The role of communications is indeed changing and how we think about creating or sharing a message is something that needs to be considered. I think this is one of the key reasons companies are starting to act more like publishers or content providers — to ensure anyone (either professional or amateur) can participate in their story, share it and share their perspectives on it.
Regardless of which outtie you are thinking of or the innie you are trying to reach, always consider the importance of helping foster conversation through your communications initaitives.
So I’ve been toying around with Twitter a lot more these days. So much so, I have been abandoning my blog. I think more and more we will start to see the quality of blog posts decline with the emergence of microblogging - thanks to Web 2.0 tools such as Twitter. Twitter gives you the option to update your network/ neighbourhood on what you are doing in a mere 140 characters.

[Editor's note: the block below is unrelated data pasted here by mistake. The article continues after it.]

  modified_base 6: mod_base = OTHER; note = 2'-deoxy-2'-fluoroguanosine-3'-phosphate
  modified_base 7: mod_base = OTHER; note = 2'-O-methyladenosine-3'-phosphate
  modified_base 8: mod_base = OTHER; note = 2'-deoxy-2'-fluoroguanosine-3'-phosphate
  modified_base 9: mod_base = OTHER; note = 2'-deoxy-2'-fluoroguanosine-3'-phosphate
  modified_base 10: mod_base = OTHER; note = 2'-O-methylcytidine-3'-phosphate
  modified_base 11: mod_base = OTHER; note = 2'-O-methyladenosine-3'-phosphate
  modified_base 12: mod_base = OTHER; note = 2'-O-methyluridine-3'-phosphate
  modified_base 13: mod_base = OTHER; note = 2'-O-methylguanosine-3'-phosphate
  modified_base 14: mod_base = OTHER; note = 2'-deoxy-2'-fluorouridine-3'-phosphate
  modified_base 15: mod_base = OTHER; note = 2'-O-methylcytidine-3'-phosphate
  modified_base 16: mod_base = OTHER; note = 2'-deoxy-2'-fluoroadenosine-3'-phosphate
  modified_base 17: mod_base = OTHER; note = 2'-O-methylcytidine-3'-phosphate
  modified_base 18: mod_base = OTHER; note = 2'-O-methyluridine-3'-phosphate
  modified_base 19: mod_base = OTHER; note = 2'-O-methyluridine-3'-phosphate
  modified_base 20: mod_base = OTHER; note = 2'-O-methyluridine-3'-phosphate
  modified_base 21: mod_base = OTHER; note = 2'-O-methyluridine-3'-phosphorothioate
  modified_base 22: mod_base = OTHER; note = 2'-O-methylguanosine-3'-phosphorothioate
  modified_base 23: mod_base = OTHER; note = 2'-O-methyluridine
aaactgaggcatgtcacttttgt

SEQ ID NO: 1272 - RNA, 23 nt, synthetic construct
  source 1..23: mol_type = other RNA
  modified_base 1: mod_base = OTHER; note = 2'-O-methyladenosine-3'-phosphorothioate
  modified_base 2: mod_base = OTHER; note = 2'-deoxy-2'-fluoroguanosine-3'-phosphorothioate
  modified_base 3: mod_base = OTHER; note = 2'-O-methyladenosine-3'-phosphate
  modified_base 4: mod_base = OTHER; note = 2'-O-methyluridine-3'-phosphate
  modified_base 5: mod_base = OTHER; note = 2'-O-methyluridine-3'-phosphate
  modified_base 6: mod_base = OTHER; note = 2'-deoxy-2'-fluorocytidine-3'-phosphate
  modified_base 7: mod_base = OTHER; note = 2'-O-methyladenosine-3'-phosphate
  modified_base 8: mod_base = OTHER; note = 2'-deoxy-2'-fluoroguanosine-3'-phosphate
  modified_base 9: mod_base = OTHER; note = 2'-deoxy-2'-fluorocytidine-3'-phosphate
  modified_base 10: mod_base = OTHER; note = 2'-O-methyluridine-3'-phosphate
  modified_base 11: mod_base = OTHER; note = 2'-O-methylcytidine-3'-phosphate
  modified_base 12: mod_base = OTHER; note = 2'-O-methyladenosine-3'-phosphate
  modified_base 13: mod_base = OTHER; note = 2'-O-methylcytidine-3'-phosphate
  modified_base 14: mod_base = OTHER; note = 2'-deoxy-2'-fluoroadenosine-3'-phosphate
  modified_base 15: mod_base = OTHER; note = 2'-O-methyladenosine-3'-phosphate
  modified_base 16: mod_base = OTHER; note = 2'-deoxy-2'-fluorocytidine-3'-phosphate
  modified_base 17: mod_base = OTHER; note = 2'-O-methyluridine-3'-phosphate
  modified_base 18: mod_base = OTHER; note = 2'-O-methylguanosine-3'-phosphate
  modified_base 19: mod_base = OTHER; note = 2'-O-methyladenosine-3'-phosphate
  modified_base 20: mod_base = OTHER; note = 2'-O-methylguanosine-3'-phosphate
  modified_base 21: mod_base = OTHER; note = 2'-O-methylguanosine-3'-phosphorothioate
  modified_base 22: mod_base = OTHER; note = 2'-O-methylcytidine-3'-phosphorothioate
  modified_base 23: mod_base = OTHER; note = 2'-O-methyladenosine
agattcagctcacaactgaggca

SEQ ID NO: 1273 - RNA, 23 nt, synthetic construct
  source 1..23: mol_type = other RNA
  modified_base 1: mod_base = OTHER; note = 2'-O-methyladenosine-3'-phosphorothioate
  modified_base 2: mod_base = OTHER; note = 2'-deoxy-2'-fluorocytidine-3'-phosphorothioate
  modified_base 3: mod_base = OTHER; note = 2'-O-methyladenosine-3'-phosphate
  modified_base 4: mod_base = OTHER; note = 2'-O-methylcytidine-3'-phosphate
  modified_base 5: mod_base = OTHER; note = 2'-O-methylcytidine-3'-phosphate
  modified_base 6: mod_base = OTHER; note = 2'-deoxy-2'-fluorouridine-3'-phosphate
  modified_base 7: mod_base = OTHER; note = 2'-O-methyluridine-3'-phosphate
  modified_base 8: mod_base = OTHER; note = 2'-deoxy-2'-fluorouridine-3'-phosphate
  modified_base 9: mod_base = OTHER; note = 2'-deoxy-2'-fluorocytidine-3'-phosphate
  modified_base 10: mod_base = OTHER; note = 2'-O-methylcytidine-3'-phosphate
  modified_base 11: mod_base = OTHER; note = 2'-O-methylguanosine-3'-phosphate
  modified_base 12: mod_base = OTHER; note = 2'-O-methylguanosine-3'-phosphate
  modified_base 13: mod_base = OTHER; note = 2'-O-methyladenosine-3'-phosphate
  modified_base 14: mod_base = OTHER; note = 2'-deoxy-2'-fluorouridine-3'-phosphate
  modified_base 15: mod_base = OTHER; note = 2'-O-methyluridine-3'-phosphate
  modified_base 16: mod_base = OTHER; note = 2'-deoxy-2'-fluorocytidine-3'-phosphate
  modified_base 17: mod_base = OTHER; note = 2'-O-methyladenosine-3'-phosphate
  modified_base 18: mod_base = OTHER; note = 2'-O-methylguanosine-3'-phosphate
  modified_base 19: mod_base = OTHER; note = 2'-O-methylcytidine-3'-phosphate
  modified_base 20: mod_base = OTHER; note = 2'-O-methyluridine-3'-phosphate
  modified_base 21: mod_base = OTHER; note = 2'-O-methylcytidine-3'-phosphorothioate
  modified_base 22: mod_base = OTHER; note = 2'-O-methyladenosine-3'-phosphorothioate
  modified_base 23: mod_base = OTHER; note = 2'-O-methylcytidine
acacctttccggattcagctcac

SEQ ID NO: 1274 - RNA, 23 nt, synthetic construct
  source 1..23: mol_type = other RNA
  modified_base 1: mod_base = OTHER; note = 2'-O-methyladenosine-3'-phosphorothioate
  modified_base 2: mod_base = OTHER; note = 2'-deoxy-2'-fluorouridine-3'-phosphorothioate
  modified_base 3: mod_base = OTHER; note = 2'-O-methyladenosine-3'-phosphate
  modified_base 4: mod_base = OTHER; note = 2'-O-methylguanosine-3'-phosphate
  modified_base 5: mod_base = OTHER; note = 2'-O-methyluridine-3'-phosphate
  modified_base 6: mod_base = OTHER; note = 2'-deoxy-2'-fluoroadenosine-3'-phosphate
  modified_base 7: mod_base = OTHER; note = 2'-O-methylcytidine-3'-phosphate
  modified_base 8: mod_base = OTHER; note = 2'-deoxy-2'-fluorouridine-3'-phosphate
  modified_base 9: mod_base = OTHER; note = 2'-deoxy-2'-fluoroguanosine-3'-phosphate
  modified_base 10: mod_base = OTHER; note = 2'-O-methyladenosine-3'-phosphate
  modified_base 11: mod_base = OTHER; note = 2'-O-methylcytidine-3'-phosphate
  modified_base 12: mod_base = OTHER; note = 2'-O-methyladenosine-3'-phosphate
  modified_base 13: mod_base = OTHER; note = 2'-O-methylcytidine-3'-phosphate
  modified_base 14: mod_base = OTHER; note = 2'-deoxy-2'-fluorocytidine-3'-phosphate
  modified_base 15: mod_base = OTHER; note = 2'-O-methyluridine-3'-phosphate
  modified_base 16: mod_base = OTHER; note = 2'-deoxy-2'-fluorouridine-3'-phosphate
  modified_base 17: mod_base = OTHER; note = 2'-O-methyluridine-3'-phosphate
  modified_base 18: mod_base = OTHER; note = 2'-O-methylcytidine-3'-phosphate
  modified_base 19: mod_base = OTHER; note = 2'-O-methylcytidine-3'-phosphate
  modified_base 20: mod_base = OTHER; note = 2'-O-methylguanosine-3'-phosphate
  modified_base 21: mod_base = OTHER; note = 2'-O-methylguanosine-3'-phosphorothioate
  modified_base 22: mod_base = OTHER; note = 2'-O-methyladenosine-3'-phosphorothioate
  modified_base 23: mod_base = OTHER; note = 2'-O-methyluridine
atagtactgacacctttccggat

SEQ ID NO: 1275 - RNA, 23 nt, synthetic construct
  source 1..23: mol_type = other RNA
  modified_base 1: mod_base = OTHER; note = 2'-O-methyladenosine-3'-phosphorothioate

The instantaneous nature of this means that you can easily update those that are following you on what you are up to and track what others are up to as well. I was originally critical of Twitter but I am starting to find it more useful in a professional work sense. In fact, in my perception it is taking over Facebook as one of the most valuable social networking sites.
The interesting thing here for me is that you can apply it to every day work. My Twitter neighbourhood, albeit small, is a circle of PR people and journalists. The aim = to expand my small neighbourhood! Anyway, I digress…